To The Daily Sun,
I am writing to follow up on the letter I sent to the Laconia City Council a few days ago about the proposed privatization of the city’s ambulance service.
I have concerns about the city’s request (RFP) to staff one ambulance 24/7 at the paramedic level and a second at the advanced level. (https://www.laconianh.gov/DocumentCenter/View/2381/RFP-No-1803-02-Emergency-Ambulance-Services-Final-3-21-18)
Currently the Fire Department had the ability to staff three ambulances at the paramedic level, with one of these ambulances dedicated to the Weirs.
Why would the city be seeking proposals for a level of service less than that already being provided?
In the spirt of full disclosure, I retired from the Laconia Fire Department in 2012. I was one of the department’s first paramedics and I was on the ambulance committee back in 1997 when LRGH and the City of Laconia formed the unique partnership to provide EMS.
My last few years with the department, I was promoted to captain and was responsible for overseeing the Weirs station. During my tenure, with the backing of Chief Erickson, a third ambulance was equipped and staffed by the Weirs duty crew.
The City Council’s current proposal requires a third ambulance to be available in 30 minutes. Due to the large percentage of calls in the downtown area, both ambulances will likely be kept downtown. This will effectively remove the ambulance from the Weirs Beach Fire Station.
Certainly if the city does privatize EMS, they likely won’t want to pay to maintain the firefighter's EMS licenses and certifications. Will they require that the Fire Department continue to respond to medical emergencies?
The Weirs station is normally staffed with an officer and two firefighters. One of these staff is a paramedic. On my shift, I would fill that role. My crew and I would, based on the type of emergency dispatched, take the appropriate apparatus. If the call was for a medical in the Weirs, we would staff the ambulance to treat and transport the patient. If the call was fire related, we would respond in the engine.
This versatility is what makes the Laconia Fire Department so effective. One ambulance is staffed 24/7 out of the Central Station. The firefighters assigned to the engine(s) can swap apparatus as needed. This ensures there are multiple ambulances (three) available if needed. This provides a level of flexibility to the officers to handle the various types of emergencies that occur in Laconia.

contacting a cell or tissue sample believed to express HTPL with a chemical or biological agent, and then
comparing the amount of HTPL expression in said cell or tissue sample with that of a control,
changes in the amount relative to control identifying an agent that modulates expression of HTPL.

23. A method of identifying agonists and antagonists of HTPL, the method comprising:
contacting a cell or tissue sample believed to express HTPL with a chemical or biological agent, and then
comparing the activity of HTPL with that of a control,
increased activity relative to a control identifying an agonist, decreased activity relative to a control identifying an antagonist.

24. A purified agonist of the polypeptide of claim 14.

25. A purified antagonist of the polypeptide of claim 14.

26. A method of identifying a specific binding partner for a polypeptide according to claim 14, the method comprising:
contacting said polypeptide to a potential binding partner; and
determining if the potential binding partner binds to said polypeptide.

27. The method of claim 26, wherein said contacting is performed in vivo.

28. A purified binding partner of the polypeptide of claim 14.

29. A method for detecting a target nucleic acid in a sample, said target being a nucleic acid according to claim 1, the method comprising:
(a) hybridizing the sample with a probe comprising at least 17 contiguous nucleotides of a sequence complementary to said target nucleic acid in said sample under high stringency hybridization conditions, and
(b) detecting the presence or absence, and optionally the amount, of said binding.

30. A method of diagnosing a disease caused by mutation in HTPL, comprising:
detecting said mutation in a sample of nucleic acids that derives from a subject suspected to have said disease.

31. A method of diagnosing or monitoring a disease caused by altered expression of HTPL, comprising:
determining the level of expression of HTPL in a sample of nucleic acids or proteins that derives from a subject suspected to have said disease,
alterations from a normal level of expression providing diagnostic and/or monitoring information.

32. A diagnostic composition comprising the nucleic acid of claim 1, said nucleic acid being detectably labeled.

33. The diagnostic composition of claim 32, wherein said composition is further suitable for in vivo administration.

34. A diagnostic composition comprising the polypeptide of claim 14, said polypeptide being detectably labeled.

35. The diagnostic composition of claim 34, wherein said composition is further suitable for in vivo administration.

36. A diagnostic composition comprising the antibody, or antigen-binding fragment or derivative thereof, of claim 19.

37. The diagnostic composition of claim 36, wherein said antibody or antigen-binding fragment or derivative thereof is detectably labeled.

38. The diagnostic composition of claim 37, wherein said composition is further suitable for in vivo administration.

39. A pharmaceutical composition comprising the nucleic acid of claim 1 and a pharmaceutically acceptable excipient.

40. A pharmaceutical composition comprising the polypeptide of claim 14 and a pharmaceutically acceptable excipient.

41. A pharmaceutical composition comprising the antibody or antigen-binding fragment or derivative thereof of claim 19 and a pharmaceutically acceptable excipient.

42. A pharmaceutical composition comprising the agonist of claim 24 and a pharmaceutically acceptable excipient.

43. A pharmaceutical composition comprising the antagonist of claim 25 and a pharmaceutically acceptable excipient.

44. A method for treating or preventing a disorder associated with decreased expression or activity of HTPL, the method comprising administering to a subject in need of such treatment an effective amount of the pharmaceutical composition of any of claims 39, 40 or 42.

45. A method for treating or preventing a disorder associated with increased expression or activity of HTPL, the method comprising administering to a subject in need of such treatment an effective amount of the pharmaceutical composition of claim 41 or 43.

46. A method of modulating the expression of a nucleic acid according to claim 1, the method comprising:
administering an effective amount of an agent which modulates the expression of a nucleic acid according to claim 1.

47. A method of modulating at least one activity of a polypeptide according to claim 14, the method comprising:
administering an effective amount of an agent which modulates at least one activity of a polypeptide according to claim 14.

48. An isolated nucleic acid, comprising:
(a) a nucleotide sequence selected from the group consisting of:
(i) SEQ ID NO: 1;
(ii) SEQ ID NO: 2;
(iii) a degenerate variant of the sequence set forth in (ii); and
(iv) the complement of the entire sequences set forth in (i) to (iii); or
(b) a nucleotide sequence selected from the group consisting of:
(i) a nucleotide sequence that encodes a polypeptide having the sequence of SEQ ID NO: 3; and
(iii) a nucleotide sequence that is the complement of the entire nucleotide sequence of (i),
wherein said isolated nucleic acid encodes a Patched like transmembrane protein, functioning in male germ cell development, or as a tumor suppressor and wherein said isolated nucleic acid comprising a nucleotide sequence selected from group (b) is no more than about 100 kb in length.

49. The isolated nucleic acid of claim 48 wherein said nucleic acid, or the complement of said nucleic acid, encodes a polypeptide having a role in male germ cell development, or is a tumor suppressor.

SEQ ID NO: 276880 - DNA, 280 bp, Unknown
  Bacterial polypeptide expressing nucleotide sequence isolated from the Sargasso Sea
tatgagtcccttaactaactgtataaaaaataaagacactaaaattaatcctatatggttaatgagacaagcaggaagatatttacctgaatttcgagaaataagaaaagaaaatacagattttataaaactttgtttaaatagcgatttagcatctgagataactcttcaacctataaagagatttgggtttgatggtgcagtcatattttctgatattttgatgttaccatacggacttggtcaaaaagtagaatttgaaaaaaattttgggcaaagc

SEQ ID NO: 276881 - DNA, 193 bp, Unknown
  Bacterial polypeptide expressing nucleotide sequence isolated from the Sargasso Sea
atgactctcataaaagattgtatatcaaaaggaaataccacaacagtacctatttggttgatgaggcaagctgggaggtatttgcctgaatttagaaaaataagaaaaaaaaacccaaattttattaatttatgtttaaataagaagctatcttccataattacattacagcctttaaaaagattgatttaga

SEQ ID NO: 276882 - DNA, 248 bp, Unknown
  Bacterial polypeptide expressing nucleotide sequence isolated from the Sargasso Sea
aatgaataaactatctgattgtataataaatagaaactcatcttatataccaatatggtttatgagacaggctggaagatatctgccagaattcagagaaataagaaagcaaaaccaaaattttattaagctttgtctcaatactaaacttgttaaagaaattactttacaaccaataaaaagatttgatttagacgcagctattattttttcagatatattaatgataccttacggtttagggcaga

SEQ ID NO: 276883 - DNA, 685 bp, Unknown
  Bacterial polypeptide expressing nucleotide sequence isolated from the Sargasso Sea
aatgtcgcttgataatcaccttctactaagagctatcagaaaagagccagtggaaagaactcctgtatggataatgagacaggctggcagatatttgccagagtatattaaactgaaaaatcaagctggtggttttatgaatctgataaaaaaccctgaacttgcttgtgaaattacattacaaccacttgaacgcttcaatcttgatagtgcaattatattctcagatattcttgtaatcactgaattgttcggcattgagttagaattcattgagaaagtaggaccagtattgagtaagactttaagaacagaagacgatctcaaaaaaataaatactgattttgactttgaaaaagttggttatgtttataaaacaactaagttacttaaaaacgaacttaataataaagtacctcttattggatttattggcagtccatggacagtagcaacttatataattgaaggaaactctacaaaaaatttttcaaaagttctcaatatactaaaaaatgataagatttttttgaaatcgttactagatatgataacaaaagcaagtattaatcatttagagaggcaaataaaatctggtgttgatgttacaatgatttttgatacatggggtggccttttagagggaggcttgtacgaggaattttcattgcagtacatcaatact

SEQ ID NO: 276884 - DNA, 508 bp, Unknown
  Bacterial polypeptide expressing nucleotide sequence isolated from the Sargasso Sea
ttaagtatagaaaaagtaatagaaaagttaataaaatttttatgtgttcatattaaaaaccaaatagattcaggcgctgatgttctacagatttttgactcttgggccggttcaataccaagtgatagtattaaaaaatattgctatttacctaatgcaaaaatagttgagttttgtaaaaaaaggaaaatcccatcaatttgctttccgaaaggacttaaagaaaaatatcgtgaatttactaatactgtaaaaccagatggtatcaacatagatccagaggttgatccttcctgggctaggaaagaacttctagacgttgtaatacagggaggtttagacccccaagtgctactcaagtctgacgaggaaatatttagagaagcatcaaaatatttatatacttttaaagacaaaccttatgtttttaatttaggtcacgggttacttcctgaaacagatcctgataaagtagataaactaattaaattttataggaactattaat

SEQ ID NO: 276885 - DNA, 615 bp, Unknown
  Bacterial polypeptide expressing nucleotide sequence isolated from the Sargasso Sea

Laconia has a very busy fire department. Their call volume is comparable to cities twice their size. The Laconia Fire department is staffed with nine firefighters and officers. During peak/busy times, extra staff are brought in on overtime to handle the extra calls.
If a separate ambulance service is brought into the city, the Fire Department will still be called on for assistance. Manpower to help carry patients or additional staff needed in the back of the ambulance for critical patients. I would estimate 50 percent of the ambulance responses will still require the Fire Department to respond.
Chief Erickson believes that the Fire Department can continue to provide EMS with no change or decrease in the level of care. He believes that the cost will be offset by the funds collected from the ambulance, In essence providing EMS to the city for no increase in cost to the taxpayer.
Excuse me, Mr. Mayor and City Council, but this seems to be a “no brainer.”
Chief Erickson and the members of the Laconia Fire Department deserve the opportunity to prove themselves once again to the citizens of Laconia.
Keep the ambulances within the Fire Department. Do what is right for the city, the citizens and the department.
Laconia Fire Captain (Retired)